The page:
Inner  Frontier
Fourth Way Spiritual Practice


Inner Work

For the week of March 23, 2009

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More Presence

Our inner work of presence during our daily life has a strong tendency to stay within the plateau of our level of being. We do encounter breakthrough periods where we have a significant, deeper experience, or we learn or discover some new method of inner work, or suddenly find ourselves able to practice a method we already knew about, or we become inspired by something we see or hear. But those breakthrough periods and the associated enthusiasm we feel almost inevitably wane back to our norm, back to our typical capacity for inner work. So we cannot hope for, much less depend on, unusual events to carry us to more presence.

For that we must find the fire within us and fan that flame of our spirit. Day after day we practice presence, choosing it again and again. Each day we aim for more presence, more often, more sustained, and deeper. We pay close attention to our down days, not allowing our self to fall into a zone bereft of all presence. So even on those down days of spiritual dryness, we rouse our self to practice presence, if only a little.

Our aim in this regard is stable, continuous presence. And though that may seem a distant goal, we can partially attain it now, even if our continuity only lasts 10 seconds, because 10 seconds is better than 9. And then we strive for 11. For those 11 seconds, we are more complete, living, experiencing, and engaging our life more fully in body, mind, heart, and Self.

Some say that spirituality is not a matter of striving. But to enter the deeper realms on anything more than a rare, accidental, and fleeting basis, we must strive. We strive for presence and for connection, with others through hearfelt kindness and with the higher through genuine prayer. Then we may attain a state of true spiritual effortlessness. But if we start with no effort, we merely remain in an ordinary state on the surface of life. That may be effortless, but also lacks the deeper spirit.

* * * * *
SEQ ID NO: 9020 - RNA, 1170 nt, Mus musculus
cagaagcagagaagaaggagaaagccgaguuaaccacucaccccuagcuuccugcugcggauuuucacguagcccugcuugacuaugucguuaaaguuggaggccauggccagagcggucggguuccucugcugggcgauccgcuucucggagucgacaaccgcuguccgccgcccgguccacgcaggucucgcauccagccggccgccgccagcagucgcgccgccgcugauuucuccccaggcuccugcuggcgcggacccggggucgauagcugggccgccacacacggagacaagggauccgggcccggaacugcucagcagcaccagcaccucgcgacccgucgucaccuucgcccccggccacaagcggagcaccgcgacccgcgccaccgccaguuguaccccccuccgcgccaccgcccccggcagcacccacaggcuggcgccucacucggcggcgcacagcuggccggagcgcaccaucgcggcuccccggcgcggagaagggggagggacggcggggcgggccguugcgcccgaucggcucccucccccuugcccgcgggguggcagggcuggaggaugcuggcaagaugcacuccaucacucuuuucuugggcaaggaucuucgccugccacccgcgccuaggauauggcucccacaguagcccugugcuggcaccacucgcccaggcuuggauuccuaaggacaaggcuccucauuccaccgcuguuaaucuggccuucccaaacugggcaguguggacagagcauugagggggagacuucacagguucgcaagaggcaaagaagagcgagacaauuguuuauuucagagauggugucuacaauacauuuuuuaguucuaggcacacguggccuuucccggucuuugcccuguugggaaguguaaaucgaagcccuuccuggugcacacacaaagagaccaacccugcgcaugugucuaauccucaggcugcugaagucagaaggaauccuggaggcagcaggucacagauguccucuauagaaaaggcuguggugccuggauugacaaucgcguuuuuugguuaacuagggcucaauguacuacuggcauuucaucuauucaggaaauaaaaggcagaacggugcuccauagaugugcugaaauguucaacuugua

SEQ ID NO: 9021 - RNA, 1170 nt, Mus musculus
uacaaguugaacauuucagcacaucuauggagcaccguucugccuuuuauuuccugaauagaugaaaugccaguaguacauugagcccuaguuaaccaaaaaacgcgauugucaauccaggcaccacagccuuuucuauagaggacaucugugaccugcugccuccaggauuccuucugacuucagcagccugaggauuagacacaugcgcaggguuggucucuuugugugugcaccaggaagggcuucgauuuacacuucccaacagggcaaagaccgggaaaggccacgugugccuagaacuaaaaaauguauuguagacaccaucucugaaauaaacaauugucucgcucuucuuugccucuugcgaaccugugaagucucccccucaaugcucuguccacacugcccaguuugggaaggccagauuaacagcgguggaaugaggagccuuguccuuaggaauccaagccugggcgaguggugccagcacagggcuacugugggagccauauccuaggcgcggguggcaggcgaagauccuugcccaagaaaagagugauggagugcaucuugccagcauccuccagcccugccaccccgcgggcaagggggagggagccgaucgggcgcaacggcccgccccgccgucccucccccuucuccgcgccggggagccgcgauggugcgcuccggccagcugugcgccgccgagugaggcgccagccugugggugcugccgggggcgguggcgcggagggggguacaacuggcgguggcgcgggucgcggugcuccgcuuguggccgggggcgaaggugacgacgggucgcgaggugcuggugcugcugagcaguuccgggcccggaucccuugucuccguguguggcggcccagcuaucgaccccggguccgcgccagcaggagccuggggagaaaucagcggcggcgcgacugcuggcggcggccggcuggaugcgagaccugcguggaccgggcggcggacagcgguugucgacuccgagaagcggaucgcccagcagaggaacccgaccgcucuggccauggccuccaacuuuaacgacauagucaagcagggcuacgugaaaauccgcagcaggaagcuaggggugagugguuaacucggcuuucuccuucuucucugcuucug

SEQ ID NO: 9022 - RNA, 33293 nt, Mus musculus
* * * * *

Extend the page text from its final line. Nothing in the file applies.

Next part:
In presence we are our Self. In working toward more presence, we create our Self. We build the inner wholeness, our soul, that gives us access to our Self. One reason to practice presence as much as possible during our ordinary day is so that when we come to the depths of prayer, to surrender to God, we have something to surrender, namely our Self.

We can dramatically enhance our work of presence during the day by starting each day with a period of meditation. Meditation methods in general have the effect of raising the quantity and quality of the energies available for presence. And we can use part of the meditation period for direct, intensive practice of presence. That training in strong and deep presence carries over, along with the energies generated, to enliven our inner life as we go about our daily business.

But regardless of how profound or powerful the results of our morning sitting, if we just take a free-ride on those results for the rest of day, they will quickly dissipate. Instead we can take the opportunity offered by the energies generated in meditation to build on them through our intentional work on presence during our day. That way, our formal periods of meditation practice and our less structured practice of presence during our day support each other. If we are present even before we sit down to meditate, that state of presence deepens our meditation by giving it a conscious starting point. And meditation helps our work at presence, principally by the energies produced.

For this week, work to live fully, work for more presence.


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